NBA SHOOTOUT 2002 for PlayStation and PlayStation 2. $50-$80. Rating: NN
GRAPHICS: Chunky. All ball, no bounce.
ADDICTIVENESS: You're better off getting a workout down at the gym.
ANTI-SOCIAL FACTOR: The computer never loses.
PROXIMITY TO THE REAL THING: Like one long highlight reel with no filler in the middle.
what more can you do with a simulated basketball game?
There are at least three different NBA-sanctioned games in the works for PlayStation and PS2 over the next few months, and beyond a few technical details and graphic tweaks, the differences between them will be minimal at best. How to choose?
NBA ShootOut has long been the weakest of the basketball sims, and so it remains. It's a simple nuts-and-bolts, back-and-forth game, and as the title suggests, shooting is paramount.
Serious playmaking is scrapped in favour of all-out shooting sprees, and most of the attention here has been paid not to making the game actually flow like a real four-quarter match -- check NBA Live 2002 for that -- but to making sure that players' signature shots are as close to real life as possible.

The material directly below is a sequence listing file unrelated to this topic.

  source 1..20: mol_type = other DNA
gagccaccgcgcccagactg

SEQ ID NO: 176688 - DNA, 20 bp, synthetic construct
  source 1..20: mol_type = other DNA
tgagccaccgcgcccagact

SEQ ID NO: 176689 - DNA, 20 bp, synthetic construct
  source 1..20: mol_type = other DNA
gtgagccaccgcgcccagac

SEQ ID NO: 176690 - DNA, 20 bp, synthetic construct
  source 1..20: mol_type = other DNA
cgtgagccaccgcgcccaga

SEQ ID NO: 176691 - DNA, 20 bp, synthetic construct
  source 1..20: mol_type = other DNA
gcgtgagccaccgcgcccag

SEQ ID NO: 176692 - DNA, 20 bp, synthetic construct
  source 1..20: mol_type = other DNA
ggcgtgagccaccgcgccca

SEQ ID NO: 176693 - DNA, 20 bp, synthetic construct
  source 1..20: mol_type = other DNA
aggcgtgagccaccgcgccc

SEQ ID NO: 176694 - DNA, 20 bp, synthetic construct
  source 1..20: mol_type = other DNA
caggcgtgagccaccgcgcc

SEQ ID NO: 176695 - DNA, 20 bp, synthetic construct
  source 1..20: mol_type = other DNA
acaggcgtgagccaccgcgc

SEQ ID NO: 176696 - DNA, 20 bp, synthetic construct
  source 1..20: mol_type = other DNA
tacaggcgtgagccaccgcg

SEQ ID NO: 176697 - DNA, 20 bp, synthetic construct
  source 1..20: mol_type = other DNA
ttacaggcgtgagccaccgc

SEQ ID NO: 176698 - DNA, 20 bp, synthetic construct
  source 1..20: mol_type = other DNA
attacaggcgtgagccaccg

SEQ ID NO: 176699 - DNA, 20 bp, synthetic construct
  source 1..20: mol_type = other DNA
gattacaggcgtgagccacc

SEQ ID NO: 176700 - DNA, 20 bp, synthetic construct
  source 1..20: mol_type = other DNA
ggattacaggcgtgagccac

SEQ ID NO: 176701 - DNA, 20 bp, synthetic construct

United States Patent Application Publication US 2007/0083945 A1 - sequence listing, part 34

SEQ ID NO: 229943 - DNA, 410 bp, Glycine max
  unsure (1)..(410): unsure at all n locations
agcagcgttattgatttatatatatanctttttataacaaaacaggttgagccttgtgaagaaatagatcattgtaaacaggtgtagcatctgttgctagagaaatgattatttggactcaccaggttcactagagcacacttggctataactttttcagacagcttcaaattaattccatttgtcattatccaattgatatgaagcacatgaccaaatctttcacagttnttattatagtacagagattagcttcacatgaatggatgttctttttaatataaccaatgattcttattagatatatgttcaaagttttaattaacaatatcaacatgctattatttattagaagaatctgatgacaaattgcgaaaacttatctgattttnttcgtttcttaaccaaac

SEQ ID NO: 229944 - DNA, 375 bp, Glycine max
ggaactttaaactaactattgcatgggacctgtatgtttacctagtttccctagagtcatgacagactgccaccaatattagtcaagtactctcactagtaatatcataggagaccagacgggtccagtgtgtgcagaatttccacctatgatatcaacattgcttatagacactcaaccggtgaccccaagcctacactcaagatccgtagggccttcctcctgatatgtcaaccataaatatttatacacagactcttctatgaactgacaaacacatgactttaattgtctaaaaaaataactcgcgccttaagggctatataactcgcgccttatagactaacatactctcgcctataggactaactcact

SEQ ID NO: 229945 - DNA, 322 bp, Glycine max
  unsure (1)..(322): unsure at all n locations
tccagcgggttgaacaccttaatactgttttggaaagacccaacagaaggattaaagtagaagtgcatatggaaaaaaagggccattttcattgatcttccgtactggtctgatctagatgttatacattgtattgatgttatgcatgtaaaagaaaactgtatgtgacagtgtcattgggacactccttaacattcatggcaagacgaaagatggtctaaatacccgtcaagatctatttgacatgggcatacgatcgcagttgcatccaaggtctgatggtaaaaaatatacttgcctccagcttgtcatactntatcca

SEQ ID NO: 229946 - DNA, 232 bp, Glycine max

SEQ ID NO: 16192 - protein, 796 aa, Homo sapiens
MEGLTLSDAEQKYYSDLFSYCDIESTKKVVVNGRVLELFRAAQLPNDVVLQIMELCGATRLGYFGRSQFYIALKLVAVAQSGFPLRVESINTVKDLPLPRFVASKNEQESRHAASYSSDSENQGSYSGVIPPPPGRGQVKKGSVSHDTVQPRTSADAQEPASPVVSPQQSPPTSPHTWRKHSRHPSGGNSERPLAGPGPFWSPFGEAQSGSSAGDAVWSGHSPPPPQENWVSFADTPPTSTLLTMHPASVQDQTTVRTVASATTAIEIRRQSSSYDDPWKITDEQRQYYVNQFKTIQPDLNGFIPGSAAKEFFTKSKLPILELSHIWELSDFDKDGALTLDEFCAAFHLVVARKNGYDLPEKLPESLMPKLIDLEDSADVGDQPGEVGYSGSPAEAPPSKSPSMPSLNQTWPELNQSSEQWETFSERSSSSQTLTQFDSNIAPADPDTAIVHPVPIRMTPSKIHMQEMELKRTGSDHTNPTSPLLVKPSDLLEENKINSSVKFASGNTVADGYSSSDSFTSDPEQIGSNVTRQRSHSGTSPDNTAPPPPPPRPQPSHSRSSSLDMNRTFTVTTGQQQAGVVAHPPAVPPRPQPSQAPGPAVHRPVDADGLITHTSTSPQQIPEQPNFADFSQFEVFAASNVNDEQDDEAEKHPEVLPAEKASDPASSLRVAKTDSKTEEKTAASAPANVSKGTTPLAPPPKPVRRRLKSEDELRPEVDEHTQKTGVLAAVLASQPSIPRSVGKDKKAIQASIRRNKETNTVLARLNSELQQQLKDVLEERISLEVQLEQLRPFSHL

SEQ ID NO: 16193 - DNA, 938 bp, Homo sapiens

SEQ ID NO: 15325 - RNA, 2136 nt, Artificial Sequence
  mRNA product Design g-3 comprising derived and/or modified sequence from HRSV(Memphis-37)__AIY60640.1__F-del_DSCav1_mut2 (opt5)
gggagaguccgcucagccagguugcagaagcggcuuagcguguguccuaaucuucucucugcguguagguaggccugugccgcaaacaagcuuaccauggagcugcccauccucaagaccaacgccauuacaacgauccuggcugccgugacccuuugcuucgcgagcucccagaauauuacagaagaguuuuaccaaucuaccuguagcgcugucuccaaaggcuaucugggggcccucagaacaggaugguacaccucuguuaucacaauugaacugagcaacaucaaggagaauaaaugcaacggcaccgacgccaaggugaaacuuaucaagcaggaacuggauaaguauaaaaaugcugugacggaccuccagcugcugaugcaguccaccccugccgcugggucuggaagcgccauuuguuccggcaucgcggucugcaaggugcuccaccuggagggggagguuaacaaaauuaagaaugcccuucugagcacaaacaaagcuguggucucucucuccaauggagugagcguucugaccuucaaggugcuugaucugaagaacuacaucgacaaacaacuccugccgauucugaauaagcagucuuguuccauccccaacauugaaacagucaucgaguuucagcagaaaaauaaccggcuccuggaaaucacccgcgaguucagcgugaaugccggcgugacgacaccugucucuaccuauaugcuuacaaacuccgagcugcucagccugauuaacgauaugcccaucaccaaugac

If you're hoping to recreate Vince Carter's Shaq-stunning between-the-legs windmill jam and follow it up with some floppy boasting toward the crowd, this is your game.
There's also a place where you can design your own dunk, taking a computer image of a player and bending its knees and arms in different and impossible directions. It's a neat touch. There is, however, no slam dunk contest, so seeing these dunks actually come to life is almost impossible.
The attention paid to grandstanding means that some little details that would make the game worth playing over and over again aren't addressed. The play is jittery and headache-inducing, and as with most electronic b-ball games, defence is almost impossible to master.
Giving up 100 points a game might have been acceptable in Toronto a few years ago, but we've come to expect more from our shot blockers.